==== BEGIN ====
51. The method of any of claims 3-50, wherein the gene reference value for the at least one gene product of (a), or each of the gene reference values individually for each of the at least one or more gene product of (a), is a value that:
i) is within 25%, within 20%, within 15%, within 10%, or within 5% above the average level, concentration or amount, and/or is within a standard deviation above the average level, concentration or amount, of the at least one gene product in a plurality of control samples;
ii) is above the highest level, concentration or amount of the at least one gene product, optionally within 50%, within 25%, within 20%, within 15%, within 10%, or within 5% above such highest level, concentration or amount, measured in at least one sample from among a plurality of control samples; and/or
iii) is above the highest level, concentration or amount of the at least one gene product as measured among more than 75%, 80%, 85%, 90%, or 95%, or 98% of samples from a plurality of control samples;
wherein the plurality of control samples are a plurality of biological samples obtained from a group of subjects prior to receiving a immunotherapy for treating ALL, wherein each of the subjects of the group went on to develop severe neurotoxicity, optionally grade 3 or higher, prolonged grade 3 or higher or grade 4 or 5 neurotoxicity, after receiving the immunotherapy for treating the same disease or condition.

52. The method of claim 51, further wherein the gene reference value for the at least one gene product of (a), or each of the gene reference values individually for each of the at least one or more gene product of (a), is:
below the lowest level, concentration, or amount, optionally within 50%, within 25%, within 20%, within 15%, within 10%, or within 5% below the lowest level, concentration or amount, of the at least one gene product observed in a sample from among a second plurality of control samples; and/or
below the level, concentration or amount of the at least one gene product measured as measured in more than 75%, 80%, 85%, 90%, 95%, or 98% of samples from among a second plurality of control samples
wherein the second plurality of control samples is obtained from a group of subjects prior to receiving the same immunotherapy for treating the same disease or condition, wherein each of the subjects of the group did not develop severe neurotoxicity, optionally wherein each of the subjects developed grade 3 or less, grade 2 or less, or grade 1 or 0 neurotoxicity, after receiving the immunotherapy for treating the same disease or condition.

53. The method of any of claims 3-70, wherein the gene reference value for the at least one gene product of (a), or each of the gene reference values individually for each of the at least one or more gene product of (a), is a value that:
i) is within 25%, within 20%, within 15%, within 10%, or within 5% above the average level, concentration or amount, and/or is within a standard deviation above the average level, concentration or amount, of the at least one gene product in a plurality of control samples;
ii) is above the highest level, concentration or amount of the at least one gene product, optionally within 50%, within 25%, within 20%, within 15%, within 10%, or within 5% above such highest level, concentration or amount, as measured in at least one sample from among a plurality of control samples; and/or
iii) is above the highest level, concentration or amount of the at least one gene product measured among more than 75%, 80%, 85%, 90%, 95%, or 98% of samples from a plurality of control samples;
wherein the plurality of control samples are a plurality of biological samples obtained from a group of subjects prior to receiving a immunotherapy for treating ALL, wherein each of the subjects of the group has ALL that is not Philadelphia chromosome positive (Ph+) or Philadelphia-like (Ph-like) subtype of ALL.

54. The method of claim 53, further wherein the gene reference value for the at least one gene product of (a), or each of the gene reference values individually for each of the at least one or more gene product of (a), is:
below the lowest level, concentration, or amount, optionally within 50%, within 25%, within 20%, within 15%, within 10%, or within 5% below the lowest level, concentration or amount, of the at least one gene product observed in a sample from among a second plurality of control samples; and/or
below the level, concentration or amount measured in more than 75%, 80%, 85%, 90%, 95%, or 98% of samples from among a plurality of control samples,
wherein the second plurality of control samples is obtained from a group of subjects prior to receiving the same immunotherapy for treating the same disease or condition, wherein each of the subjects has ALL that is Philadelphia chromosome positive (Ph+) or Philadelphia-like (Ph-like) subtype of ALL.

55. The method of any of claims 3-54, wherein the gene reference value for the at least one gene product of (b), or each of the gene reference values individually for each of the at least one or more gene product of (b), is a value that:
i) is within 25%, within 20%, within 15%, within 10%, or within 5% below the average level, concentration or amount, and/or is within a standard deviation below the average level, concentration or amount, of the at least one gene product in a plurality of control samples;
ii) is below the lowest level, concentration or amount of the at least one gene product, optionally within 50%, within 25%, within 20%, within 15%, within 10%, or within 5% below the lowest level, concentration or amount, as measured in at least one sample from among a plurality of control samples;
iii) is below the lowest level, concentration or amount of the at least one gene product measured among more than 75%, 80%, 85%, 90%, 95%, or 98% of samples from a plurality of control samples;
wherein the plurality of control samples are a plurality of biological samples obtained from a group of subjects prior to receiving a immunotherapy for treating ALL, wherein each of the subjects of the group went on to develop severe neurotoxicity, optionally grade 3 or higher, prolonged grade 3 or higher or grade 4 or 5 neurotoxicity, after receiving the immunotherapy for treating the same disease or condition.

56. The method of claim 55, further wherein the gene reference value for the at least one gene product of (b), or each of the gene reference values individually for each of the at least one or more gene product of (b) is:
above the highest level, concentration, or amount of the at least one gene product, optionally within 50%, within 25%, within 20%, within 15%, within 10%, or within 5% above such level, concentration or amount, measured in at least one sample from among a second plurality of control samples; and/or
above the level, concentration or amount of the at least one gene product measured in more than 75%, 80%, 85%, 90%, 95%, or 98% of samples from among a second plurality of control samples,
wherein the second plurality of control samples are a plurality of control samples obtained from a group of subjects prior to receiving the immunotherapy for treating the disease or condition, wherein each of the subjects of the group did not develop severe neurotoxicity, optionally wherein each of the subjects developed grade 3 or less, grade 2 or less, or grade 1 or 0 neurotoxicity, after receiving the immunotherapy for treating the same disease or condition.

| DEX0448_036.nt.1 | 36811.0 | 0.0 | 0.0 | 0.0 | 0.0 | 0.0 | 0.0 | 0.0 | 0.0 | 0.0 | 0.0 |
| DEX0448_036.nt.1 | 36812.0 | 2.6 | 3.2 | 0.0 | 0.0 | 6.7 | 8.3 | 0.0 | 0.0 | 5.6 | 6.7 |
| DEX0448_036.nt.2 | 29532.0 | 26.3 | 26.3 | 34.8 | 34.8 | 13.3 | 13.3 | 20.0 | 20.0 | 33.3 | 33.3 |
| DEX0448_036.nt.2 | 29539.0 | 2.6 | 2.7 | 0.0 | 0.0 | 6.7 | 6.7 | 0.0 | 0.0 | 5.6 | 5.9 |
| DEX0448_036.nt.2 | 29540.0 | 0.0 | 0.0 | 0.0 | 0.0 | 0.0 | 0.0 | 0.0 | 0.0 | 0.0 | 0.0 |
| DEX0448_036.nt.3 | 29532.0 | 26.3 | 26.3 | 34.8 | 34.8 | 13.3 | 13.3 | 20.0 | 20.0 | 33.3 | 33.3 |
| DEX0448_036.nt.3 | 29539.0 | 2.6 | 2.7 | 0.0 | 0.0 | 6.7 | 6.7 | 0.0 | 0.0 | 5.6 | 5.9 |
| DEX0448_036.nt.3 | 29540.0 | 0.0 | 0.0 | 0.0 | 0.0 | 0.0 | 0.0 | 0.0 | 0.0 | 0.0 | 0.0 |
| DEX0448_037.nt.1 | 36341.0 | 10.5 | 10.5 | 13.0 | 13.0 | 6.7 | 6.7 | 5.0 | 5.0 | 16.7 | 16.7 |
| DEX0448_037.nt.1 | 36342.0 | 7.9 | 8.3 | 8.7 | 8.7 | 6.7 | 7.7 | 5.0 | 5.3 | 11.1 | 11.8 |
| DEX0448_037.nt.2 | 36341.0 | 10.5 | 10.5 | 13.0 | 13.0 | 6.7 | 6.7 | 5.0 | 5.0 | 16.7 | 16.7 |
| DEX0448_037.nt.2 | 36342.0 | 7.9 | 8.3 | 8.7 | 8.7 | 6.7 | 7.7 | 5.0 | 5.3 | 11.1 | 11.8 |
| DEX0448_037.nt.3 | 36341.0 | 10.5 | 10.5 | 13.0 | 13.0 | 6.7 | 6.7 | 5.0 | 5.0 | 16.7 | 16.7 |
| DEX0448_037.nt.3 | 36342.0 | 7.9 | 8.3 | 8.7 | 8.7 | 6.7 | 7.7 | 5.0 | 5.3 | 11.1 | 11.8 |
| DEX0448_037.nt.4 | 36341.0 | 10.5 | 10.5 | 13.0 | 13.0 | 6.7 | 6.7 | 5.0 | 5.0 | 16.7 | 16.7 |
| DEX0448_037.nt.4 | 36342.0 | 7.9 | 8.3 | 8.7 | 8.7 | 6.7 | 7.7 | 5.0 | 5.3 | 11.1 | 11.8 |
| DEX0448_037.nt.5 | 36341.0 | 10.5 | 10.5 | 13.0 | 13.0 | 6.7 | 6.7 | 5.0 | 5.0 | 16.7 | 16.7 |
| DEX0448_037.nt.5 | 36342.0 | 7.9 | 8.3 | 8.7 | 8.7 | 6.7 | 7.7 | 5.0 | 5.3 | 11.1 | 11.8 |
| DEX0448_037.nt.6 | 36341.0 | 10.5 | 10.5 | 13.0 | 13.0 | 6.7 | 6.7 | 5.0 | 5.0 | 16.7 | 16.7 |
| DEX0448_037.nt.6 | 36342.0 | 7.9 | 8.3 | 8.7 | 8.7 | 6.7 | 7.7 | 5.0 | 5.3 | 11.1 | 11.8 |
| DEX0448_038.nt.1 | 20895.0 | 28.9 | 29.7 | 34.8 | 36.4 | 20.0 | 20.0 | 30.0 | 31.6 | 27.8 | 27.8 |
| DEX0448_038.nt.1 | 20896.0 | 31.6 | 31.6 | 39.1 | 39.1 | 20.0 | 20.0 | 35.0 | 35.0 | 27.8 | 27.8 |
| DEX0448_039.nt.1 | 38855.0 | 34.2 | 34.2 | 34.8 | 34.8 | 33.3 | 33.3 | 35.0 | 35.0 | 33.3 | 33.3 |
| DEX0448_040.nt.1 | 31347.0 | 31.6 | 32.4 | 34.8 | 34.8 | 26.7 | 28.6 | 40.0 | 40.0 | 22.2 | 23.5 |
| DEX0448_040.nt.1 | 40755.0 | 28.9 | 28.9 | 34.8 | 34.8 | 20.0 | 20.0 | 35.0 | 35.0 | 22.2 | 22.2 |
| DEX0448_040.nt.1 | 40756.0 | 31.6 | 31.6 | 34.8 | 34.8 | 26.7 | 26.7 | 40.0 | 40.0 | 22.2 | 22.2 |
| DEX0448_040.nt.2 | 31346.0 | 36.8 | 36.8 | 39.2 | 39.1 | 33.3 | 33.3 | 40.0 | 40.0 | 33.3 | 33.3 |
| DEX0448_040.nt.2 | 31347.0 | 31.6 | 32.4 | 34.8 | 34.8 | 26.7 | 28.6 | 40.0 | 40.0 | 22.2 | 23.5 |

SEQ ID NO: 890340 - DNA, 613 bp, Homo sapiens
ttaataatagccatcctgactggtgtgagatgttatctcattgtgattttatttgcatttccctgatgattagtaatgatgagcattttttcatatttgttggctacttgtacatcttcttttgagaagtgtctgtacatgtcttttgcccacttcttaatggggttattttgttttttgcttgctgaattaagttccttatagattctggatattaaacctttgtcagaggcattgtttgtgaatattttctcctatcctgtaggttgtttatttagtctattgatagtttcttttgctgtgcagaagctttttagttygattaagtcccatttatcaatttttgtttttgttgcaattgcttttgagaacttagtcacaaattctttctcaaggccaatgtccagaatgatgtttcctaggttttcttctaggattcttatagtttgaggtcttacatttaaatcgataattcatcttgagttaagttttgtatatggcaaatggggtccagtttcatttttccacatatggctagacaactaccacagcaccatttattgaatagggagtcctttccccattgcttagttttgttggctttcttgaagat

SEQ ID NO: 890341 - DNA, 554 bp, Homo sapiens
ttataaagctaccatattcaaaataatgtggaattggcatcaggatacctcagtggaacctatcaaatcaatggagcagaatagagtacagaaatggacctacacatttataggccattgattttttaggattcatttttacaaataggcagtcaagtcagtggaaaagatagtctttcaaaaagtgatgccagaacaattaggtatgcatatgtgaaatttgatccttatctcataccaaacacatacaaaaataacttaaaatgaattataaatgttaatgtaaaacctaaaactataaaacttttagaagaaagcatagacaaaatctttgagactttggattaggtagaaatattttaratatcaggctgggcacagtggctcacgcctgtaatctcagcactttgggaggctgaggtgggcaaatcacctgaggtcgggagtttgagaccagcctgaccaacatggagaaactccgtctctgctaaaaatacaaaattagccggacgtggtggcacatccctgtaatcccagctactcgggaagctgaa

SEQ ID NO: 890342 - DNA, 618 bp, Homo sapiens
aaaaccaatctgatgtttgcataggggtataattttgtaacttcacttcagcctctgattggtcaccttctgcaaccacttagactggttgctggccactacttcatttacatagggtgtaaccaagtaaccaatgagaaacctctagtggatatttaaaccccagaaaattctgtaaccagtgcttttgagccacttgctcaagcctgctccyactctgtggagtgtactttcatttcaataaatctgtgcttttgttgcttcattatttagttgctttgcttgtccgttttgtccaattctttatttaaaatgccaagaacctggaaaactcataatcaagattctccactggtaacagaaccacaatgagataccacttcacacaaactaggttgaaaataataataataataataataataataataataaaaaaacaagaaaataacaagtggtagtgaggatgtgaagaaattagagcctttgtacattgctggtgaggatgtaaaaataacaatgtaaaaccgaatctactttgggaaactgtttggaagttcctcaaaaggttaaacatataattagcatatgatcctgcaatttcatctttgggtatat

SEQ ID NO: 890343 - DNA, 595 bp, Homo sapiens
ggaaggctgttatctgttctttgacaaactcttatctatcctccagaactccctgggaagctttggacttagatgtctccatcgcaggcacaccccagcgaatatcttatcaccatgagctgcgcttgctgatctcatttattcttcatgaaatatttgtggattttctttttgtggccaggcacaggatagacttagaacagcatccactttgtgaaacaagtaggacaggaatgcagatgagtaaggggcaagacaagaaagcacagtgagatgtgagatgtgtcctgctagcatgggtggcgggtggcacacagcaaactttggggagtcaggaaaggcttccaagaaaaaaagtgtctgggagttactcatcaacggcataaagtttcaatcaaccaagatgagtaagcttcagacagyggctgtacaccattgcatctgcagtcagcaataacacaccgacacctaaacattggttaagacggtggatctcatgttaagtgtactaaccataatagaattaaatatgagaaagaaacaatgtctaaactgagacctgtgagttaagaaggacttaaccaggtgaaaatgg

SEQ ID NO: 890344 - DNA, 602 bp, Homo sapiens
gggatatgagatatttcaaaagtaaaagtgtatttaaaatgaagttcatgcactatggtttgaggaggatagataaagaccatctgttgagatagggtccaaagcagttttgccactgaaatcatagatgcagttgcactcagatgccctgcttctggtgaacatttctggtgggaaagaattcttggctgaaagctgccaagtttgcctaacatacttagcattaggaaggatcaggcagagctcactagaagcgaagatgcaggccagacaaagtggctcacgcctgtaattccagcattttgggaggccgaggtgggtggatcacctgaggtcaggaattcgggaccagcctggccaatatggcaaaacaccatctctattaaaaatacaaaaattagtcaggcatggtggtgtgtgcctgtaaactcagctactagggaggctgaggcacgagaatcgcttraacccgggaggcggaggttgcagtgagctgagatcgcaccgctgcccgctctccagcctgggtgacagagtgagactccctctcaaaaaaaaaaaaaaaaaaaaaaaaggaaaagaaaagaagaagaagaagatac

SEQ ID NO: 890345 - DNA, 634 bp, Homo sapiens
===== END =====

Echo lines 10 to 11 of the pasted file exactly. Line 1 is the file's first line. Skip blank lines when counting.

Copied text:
53. The method of any of claims 3-70, wherein the gene reference value for the at least one gene product of (a), or each of the gene reference values individually for each of the at least one or more gene product of (a), is a value that:
i) is within 25%, within 20%, within 15%, within 10%, or within 5% above the average level, concentration or amount, and/or is within a standard deviation above the average level, concentration or amount, of the at least one gene product in a plurality of control samples;